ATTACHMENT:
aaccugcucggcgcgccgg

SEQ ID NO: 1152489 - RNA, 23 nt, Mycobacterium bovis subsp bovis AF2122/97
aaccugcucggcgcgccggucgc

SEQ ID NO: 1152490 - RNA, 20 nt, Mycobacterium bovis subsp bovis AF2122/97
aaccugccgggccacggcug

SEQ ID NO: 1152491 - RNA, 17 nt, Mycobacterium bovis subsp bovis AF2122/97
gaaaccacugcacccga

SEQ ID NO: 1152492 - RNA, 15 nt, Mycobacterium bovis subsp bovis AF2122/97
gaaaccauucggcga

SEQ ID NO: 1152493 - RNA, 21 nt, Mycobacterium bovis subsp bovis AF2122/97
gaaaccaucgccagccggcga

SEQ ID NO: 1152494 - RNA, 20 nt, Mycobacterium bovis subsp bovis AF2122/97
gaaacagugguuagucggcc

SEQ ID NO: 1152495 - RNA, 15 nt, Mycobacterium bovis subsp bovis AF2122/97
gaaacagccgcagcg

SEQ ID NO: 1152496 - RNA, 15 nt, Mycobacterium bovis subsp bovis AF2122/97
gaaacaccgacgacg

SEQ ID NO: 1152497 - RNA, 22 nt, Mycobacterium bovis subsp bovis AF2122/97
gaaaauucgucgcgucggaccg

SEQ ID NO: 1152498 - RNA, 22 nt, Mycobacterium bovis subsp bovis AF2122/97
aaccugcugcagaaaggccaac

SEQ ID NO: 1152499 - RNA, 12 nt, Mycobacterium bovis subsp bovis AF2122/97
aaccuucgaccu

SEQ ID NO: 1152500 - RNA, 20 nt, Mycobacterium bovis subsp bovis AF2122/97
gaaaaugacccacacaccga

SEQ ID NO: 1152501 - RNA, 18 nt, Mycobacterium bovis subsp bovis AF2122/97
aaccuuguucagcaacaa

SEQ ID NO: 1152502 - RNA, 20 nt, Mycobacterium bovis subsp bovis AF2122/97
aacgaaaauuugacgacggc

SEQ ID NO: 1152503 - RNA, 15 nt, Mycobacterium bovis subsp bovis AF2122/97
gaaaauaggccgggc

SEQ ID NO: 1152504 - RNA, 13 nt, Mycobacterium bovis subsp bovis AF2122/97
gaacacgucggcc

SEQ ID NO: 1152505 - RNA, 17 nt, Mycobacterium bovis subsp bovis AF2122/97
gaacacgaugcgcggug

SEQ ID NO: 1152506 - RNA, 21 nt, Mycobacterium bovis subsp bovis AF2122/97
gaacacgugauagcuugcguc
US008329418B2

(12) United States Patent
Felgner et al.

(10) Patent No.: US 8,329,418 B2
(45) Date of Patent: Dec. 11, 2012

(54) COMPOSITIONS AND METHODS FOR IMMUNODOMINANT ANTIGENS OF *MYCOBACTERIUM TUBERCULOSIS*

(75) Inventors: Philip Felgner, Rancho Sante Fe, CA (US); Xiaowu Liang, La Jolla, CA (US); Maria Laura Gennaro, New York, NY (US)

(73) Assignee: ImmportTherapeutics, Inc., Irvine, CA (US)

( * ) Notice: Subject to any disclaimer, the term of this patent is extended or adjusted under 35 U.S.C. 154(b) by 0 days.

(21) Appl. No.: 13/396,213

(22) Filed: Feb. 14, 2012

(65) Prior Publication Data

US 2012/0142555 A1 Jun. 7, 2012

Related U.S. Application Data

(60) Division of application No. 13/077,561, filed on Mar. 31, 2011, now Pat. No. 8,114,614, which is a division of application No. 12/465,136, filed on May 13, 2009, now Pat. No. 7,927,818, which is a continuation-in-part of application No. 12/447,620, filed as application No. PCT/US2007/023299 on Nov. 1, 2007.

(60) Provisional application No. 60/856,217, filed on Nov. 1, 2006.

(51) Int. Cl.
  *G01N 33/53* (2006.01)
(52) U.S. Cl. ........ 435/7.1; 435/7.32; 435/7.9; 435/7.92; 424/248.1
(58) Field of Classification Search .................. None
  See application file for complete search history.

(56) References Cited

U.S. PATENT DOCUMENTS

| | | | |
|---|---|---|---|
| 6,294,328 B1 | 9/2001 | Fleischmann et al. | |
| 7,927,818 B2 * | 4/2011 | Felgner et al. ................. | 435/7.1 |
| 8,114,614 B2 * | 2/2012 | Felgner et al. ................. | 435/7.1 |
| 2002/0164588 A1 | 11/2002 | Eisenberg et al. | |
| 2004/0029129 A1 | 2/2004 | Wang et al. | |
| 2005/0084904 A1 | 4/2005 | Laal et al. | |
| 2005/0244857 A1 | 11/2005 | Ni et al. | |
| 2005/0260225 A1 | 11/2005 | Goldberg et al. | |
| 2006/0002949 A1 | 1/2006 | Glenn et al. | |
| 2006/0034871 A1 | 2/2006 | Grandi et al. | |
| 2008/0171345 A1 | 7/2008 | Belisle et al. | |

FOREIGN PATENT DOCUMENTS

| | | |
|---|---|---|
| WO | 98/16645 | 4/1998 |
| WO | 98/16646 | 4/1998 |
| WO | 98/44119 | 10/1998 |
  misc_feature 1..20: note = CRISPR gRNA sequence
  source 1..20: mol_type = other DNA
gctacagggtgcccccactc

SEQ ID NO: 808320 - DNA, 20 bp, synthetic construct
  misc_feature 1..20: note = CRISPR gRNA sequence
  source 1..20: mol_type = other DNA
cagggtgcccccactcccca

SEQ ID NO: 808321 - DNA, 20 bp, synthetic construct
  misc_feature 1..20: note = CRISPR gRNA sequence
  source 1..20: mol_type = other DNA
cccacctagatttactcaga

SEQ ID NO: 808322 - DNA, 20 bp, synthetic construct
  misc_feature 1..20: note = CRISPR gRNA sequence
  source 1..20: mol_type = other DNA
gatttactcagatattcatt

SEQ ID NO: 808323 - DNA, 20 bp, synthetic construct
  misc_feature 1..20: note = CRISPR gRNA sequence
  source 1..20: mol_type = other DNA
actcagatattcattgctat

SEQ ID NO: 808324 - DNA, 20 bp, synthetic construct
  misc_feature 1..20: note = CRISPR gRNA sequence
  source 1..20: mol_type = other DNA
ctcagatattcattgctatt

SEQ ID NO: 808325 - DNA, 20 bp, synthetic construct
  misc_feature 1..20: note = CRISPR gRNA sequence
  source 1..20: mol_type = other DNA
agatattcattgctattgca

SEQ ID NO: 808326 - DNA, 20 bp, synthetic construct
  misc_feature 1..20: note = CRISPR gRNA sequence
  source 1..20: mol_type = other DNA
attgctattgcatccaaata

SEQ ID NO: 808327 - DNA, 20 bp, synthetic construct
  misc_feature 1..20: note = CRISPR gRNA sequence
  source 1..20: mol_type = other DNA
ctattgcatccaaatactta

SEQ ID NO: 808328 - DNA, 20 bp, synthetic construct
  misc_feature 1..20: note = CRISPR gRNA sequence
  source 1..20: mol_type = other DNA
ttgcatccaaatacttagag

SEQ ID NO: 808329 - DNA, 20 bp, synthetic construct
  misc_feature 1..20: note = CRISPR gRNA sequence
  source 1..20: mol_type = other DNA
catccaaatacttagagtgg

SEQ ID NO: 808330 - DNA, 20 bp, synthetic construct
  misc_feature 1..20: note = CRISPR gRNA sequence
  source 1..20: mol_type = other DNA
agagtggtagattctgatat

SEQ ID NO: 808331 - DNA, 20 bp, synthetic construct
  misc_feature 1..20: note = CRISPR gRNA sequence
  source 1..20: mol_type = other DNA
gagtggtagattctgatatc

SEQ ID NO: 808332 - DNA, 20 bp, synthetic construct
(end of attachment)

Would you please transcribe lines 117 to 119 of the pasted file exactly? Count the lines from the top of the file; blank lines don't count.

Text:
  source 1..20: mol_type = other DNA
ttgcatccaaatacttagag

SEQ ID NO: 808329 - DNA, 20 bp, synthetic construct